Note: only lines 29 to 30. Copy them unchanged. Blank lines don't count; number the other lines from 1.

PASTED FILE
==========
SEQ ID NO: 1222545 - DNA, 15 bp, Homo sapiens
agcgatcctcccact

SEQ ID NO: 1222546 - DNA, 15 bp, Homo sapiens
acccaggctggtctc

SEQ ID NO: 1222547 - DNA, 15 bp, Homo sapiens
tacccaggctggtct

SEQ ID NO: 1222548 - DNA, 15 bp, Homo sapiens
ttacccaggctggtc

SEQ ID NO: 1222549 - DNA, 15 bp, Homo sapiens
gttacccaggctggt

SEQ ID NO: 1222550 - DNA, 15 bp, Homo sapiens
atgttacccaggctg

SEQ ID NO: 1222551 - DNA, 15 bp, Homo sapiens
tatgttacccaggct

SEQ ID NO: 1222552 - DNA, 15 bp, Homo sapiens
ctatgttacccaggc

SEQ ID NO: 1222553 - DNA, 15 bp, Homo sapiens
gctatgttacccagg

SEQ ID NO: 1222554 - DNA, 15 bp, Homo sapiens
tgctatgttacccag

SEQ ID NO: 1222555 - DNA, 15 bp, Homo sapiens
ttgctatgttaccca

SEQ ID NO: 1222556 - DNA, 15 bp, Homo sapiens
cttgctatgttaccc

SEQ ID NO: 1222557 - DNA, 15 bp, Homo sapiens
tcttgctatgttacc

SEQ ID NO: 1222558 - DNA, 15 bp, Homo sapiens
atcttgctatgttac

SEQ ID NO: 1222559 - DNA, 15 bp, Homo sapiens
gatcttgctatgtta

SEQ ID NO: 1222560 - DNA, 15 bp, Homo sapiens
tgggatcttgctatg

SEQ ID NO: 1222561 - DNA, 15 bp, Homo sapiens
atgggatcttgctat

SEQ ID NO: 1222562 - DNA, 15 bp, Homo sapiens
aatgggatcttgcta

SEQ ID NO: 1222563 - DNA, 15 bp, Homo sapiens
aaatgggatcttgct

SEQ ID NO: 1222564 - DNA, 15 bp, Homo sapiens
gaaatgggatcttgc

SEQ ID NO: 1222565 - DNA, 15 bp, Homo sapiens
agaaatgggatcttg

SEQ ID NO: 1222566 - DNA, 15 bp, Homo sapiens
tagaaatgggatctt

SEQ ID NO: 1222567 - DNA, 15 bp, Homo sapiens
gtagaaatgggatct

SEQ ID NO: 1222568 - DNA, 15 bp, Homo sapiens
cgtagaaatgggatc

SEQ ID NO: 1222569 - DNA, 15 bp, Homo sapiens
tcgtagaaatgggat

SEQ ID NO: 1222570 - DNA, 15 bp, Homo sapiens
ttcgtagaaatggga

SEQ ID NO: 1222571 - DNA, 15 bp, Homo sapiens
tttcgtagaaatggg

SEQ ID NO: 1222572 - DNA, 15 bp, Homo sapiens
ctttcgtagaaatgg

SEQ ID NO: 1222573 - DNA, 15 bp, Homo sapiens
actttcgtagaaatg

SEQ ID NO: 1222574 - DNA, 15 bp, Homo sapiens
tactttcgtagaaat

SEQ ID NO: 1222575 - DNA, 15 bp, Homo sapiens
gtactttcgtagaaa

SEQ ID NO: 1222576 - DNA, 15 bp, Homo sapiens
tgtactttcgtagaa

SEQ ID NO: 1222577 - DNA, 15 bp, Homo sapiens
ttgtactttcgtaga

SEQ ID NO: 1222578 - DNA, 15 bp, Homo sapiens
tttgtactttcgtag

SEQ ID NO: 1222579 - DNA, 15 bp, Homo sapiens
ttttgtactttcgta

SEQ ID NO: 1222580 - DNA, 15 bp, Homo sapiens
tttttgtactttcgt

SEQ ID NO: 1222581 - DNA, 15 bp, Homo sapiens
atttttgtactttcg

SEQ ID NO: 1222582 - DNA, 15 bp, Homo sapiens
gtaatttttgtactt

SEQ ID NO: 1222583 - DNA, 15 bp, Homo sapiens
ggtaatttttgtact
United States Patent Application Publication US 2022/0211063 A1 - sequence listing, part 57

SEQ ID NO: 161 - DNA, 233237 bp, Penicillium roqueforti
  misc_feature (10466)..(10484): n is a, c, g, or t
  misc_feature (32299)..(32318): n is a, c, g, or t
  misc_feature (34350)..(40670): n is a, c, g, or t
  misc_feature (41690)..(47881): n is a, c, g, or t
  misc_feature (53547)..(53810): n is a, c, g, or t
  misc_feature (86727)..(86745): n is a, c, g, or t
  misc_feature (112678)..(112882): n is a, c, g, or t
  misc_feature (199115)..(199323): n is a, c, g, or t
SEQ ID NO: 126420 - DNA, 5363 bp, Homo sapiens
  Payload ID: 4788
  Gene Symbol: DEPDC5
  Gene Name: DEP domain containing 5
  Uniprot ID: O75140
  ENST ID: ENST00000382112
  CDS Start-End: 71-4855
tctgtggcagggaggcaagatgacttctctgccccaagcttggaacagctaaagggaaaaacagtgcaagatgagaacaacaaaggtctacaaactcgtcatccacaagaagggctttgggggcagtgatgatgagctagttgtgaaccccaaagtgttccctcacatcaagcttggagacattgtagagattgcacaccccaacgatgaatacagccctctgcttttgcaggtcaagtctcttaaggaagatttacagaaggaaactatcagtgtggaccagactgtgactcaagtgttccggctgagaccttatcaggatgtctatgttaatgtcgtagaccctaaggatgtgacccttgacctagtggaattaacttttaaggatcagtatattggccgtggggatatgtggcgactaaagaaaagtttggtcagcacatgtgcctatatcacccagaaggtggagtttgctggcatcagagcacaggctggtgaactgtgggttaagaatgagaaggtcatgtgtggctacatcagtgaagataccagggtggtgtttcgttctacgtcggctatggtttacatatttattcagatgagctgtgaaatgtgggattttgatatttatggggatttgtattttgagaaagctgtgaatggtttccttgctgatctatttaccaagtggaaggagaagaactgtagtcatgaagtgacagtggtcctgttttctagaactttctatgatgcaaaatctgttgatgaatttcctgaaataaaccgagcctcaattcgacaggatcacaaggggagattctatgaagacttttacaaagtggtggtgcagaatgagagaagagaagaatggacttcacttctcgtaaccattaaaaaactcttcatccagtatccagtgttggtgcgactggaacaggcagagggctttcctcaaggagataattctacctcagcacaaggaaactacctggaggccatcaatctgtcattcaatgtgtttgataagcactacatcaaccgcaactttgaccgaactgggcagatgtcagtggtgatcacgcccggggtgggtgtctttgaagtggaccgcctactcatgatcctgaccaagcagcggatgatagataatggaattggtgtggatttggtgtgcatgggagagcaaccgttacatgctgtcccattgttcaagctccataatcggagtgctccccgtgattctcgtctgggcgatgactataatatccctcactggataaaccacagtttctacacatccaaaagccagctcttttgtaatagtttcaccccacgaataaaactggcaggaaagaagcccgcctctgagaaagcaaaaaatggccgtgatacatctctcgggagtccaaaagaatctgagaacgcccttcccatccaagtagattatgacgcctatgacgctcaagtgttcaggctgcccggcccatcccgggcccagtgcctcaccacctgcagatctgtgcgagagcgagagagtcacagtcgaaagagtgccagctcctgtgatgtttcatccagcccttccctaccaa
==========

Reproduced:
SEQ ID NO: 1222559 - DNA, 15 bp, Homo sapiens
gatcttgctatgtta